Glasgow councillor issues plea to end gender violence in the city

A Glasgow councillor has issued a plea to end honour-killings and gender based violence directed at Muslim and BME women across the city.

Last week Bailie Soryia Siddique joined the “Say Her Name” candlelight vigil organised by Scotland’s leading charity for Muslim and BME women which works to overcome violence against women.

Amina organised the vigil to commemorate the victims of honour-based killings on the last day of 16 Days of Activism against gender-based violence.

The names of approximately 100 Muslim and/or BME women who have been killed because of honour were read out loud in unison by representatives from key organisations and politicians.

A minute’s silence was then held for all the victims, some whose illustrations were also on display to empower other victims to come forward and report honour-based abuse.

Speaking about the event, CEO of Amina MWRC (Muslim Women’s Resource Centre) Mariam Ahmed, said: “We were delighted to see the community come together and join us in remembering the women who have been sadly lost due to honour-based violence.

“We hope to continue our work in highlighting the prevalence of honour-based abuse and hope women facing this know they are not alone, there is help and, as a community, we will stand together to challenge this form of abuse against women and girls.”

In the UK, there are approximately 12-15 reported honour killings every year. The statistics are likely to be much higher, with many unreported cases due to people and children being taken abroad and their whereabouts being unknown.

Perpetrators are usually the family which also result in many cases remaining unreported.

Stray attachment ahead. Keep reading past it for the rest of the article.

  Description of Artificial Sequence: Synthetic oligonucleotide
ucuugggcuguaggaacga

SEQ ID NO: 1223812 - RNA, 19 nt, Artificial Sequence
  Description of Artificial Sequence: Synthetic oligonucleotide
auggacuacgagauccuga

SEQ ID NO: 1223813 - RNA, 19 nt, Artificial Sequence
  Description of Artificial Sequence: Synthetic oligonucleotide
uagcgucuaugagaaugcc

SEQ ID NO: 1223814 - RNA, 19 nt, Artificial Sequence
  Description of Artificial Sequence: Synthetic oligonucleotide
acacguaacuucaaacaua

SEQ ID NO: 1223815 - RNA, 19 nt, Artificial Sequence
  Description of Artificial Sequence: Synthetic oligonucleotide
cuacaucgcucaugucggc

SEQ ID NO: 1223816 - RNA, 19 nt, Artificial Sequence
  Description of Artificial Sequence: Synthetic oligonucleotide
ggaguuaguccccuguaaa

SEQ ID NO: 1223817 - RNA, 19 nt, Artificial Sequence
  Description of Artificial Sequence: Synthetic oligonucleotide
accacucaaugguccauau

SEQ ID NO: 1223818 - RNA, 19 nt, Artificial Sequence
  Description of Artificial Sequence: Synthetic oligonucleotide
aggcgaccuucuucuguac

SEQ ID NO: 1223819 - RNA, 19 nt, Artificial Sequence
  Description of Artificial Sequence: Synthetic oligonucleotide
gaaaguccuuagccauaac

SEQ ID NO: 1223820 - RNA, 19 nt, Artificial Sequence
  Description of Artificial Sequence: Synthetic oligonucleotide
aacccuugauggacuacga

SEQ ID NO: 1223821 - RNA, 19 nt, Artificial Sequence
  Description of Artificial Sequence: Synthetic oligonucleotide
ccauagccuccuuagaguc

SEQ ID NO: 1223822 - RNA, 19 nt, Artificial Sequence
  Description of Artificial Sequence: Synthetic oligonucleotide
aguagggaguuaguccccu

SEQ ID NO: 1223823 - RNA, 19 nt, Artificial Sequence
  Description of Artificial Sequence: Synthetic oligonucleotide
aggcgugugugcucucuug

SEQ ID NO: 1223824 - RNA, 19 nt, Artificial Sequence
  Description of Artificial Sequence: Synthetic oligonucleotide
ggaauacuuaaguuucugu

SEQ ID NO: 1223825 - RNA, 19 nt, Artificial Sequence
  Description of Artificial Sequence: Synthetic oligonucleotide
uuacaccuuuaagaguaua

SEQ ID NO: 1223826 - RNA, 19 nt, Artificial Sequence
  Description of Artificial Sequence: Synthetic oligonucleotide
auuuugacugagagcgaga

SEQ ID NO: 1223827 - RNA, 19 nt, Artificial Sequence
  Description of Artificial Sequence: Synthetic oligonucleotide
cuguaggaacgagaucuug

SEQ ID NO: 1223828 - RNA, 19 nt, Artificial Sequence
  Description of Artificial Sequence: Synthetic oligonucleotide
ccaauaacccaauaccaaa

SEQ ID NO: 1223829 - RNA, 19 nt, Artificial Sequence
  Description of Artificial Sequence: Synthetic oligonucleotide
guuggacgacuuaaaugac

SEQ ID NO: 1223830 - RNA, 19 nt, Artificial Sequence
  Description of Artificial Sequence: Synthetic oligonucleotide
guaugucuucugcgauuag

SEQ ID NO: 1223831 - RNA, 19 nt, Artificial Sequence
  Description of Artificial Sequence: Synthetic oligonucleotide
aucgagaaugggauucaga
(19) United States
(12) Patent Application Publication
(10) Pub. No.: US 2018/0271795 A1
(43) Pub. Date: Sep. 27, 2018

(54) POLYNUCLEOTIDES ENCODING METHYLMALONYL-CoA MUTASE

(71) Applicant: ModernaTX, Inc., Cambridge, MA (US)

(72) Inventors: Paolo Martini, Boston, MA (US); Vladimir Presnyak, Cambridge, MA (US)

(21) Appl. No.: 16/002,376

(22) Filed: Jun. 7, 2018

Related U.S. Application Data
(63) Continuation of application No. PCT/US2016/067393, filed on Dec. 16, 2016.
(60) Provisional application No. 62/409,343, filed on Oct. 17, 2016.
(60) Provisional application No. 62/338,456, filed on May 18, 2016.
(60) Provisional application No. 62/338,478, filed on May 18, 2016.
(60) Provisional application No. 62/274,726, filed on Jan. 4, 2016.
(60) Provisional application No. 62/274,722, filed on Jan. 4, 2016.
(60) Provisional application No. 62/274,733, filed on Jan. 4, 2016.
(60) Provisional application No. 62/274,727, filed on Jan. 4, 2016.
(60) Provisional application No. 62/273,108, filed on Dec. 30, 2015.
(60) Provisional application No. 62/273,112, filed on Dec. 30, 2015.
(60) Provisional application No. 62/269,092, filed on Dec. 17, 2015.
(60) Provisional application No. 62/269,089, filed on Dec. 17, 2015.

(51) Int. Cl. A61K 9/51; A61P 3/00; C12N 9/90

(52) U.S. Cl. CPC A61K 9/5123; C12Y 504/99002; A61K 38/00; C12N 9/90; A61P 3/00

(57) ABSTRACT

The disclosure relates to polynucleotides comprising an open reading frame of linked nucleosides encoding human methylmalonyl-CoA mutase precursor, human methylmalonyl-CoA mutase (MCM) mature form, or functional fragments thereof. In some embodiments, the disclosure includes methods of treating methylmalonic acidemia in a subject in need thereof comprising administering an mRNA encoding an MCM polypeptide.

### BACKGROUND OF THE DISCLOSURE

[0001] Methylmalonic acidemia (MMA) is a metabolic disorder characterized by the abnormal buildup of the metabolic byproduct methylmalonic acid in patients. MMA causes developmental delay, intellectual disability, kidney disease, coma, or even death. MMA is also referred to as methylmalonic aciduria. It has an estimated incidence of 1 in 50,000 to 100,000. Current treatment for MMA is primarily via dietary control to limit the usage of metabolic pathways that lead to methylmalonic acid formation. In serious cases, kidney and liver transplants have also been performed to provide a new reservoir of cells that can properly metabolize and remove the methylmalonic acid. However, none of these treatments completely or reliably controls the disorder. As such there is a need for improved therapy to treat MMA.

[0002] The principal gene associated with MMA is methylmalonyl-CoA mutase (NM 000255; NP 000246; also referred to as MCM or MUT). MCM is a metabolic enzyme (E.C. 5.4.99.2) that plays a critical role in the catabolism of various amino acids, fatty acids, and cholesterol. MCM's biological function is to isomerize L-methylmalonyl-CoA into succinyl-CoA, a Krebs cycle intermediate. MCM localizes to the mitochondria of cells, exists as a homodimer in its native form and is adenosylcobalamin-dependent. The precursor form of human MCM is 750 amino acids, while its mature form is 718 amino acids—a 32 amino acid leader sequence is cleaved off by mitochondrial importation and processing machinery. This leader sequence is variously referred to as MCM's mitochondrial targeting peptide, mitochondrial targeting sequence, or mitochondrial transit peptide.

Bailie Soryia Siddique said: “I attended a moving candlelight vigil to commemorate victims of honour-based killings.

“This could never be and will never be acceptable. Thanks to Amina Muslim Women Resource Centre for this very important event.

“There is a need for a national strategy to ensure this horrific crime is eradicated. There must be prevention, early intervention and support for victims of this horrific crime.”

It comes following last week’s full council meeting where members discussed the importance of women’s safety.

Labour councillor Marie Garitty asked what steps the council had taken to ensure that all members of staff are trained to spot the signs of domestic violence amongst their colleagues, in line with the recent campaign ‘Equally Safe in Practice’ launched by Scottish Women’s Aid.

Councillor Alan Casey responded: “We all have a responsibility to combat gender-based violence. We have updated our guidance to help our employees subject to this type of abuse and offer flexible working arrangements to staff who may be in crisis due to domestic violence.

“Domestic violence information and support is communicated to all council staff through our council staff updates. Help and advice is available to all staff and includes government recommended pathways to support Covid-19.

“The council supports domestic violence campaigns including domestic awareness month. Our new staffing health and wellbeing handbook is currently being finalised and will soon be launched across all council services to raise awareness.”

More information can be found on the council website. Amina also has a national freefone helpline for BME and Muslim who can call if they require support and advise on 0808 8010301.

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